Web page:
BUDGETING DURING UNCERTAINTY: BUDGETING AND PUBLIC SPENDING IN POST- REVOLUTIONARY EGYPT
Abd ElMoez Hassanein, Sally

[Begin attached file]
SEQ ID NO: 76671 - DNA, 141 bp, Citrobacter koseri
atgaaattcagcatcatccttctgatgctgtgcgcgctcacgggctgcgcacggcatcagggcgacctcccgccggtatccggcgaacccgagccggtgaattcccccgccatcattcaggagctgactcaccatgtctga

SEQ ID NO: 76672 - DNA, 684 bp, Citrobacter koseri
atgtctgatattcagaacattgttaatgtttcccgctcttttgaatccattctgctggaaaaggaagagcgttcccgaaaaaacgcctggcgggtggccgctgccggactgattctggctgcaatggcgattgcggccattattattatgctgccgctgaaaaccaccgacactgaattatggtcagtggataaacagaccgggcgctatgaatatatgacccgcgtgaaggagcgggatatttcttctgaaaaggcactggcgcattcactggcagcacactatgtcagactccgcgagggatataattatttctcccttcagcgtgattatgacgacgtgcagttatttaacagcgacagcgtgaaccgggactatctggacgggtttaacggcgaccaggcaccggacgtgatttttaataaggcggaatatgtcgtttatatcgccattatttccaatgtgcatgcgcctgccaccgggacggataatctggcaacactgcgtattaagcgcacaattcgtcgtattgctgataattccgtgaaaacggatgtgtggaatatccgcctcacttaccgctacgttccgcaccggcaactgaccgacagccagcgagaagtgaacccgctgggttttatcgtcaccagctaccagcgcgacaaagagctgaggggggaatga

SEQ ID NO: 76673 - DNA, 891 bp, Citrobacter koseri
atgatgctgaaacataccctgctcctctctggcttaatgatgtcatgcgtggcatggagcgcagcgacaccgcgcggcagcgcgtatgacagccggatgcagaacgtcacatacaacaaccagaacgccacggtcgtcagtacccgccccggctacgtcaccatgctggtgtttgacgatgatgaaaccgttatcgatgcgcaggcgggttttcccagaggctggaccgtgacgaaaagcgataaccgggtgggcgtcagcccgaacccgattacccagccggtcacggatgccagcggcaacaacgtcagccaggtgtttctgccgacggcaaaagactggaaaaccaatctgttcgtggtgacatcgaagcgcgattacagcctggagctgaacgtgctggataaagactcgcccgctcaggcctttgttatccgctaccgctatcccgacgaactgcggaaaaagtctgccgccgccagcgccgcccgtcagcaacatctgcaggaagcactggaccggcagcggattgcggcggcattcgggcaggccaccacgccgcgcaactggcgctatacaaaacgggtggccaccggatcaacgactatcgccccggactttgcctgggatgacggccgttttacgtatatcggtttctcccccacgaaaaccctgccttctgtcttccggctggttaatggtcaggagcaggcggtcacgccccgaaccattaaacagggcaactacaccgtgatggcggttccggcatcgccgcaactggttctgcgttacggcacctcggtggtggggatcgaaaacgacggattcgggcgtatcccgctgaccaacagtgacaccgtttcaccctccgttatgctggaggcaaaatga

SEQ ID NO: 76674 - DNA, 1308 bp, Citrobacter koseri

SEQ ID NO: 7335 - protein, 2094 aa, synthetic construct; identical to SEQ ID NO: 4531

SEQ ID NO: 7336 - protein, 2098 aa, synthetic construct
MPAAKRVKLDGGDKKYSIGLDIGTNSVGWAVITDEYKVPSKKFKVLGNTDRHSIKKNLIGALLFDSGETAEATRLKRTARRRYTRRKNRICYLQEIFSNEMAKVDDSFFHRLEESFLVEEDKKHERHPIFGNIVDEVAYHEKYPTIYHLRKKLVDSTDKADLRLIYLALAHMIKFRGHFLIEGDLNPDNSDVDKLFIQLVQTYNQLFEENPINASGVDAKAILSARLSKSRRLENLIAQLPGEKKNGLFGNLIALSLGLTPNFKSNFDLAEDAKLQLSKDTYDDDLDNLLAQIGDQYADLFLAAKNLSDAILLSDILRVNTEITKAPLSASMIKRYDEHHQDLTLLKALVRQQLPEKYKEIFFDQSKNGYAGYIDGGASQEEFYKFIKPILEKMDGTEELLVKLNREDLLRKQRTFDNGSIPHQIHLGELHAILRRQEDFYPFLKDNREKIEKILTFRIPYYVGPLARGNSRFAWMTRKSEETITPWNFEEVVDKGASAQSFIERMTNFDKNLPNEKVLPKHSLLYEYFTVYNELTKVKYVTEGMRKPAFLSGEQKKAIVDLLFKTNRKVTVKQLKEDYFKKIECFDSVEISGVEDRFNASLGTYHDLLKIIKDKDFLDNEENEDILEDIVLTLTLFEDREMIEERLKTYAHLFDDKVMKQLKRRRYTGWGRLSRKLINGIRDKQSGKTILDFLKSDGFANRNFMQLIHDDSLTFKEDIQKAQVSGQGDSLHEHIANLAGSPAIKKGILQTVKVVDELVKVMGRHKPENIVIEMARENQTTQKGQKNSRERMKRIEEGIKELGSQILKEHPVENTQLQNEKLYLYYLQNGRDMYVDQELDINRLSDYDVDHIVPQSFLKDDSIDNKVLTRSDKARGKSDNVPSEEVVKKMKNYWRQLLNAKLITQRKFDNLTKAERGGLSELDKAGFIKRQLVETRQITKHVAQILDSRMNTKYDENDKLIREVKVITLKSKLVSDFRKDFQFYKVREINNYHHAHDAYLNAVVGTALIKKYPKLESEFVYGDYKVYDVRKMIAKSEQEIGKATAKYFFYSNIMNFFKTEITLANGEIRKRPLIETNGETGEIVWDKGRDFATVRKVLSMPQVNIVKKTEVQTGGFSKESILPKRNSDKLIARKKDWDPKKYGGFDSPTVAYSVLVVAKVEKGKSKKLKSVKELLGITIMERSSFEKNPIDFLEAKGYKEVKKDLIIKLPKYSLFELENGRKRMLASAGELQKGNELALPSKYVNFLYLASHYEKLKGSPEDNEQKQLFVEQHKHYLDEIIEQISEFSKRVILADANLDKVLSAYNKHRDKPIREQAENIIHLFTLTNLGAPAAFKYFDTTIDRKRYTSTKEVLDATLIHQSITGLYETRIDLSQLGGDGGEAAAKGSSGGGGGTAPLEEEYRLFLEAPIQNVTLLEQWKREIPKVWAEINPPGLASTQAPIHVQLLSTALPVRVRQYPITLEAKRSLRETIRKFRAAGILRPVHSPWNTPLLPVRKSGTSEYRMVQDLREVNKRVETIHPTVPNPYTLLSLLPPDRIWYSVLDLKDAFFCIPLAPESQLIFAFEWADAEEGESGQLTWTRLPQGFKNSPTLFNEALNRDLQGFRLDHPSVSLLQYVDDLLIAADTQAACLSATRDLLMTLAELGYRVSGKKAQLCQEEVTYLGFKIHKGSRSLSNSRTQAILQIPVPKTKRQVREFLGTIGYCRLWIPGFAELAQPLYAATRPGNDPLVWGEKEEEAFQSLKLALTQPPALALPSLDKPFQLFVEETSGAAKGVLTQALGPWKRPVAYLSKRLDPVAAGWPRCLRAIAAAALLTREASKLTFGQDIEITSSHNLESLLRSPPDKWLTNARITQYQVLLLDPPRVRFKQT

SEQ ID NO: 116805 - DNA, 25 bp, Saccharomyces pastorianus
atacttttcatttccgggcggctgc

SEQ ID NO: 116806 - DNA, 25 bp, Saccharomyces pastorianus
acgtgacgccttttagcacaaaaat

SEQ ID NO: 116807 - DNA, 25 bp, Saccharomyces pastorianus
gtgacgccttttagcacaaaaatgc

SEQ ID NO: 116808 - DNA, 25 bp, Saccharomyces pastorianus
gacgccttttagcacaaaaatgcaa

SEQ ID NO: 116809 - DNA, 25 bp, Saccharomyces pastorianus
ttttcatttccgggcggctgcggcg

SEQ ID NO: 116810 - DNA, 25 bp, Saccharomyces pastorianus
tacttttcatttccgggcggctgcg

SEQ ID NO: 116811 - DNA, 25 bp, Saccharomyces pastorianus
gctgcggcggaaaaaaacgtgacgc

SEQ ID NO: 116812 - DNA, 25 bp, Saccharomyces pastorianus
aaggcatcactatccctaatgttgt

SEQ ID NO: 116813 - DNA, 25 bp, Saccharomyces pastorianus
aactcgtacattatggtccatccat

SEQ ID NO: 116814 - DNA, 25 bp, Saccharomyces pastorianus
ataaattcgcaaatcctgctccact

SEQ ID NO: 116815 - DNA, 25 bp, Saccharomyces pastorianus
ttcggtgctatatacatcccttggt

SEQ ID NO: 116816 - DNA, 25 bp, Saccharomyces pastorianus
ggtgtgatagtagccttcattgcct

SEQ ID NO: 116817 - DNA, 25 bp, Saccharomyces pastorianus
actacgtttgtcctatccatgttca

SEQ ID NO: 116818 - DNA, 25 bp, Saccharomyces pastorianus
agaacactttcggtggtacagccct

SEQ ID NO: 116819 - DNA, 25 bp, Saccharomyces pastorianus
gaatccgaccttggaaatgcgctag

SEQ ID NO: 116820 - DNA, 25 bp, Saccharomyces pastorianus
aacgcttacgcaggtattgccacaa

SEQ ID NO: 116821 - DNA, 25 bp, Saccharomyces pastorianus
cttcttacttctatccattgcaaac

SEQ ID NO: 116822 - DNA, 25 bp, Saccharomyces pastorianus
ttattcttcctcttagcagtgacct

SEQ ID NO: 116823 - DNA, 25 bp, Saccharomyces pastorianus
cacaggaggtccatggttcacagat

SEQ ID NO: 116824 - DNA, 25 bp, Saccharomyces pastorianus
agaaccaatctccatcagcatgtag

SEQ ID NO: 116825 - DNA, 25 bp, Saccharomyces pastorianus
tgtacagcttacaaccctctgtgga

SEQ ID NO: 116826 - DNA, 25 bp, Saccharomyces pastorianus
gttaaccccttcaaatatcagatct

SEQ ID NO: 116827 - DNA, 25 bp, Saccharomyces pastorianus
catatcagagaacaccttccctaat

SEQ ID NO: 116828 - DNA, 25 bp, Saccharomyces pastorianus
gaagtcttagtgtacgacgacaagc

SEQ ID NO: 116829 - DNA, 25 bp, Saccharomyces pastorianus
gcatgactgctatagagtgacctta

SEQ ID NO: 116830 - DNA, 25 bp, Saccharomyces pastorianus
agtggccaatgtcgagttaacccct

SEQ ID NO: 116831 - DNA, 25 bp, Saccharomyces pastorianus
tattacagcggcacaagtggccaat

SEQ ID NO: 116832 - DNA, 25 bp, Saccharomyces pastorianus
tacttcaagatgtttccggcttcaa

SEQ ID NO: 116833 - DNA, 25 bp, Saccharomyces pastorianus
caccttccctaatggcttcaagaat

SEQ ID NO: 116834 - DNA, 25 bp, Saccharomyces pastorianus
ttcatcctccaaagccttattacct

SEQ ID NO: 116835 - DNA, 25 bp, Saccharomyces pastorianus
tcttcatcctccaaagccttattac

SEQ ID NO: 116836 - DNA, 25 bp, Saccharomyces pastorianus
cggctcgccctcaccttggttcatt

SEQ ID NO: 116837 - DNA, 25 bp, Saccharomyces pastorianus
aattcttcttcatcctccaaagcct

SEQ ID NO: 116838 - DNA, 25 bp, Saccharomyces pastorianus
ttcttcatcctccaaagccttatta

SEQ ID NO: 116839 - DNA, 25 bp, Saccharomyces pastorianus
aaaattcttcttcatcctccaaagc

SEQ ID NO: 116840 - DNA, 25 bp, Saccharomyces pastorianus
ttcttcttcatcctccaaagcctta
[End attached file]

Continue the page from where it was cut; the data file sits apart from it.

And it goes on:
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Most of the literature on budgeting focuses on the study of the budget process during times of political stability. There is little research on what happens to the budget process and to public expenditures when countries experience political instability and regime change. This dissertation attempts to fill this gap in the literature by studying how the political and economic uncertainty that result from revolution and regime change affect the budget process and public spending through a study of the Egyptian budget process and patterns of public expenditures following two revolutions and a transition period marked by instability. The analysis utilizes budget data and interviews with officials from Egypt’s Ministry of Finance. This dissertation identifies the challenges decision makers face in preparing and executing the budget in Egypt after the 2011 and 2013 revolutions. Findings from this research indicate that planning and preparing the budget was a challenging task as new and sudden political and economic events brought about new realities almost every day and necessitated mid-year adjustments. The political environment was characterized by rising dissent, protests, increasing public demands and security challenges. This volatility contributed to increasing expenditures on salaries of government employees, subsidies and social programs. The worsening economic situation that resulted from political instability added more pressures on the public purse and resulted in increasing spending. For the same reasons, spending on investments and developmental expenditures declined. More spending also meant increasing deficit, accumulation of more public debt and increasing interest payments which leads to further deterioration of the fiscal standing of the country. This research also finds that as the political environment started to stabilize the new government initiated bold reforms that involved cutting fuel subsidies and enacting a new civil service law to control the increase in salaries. Savings made from reducing fuel subsidies are directed to increase spending on investments, on health and education and on better targeted transfer programs.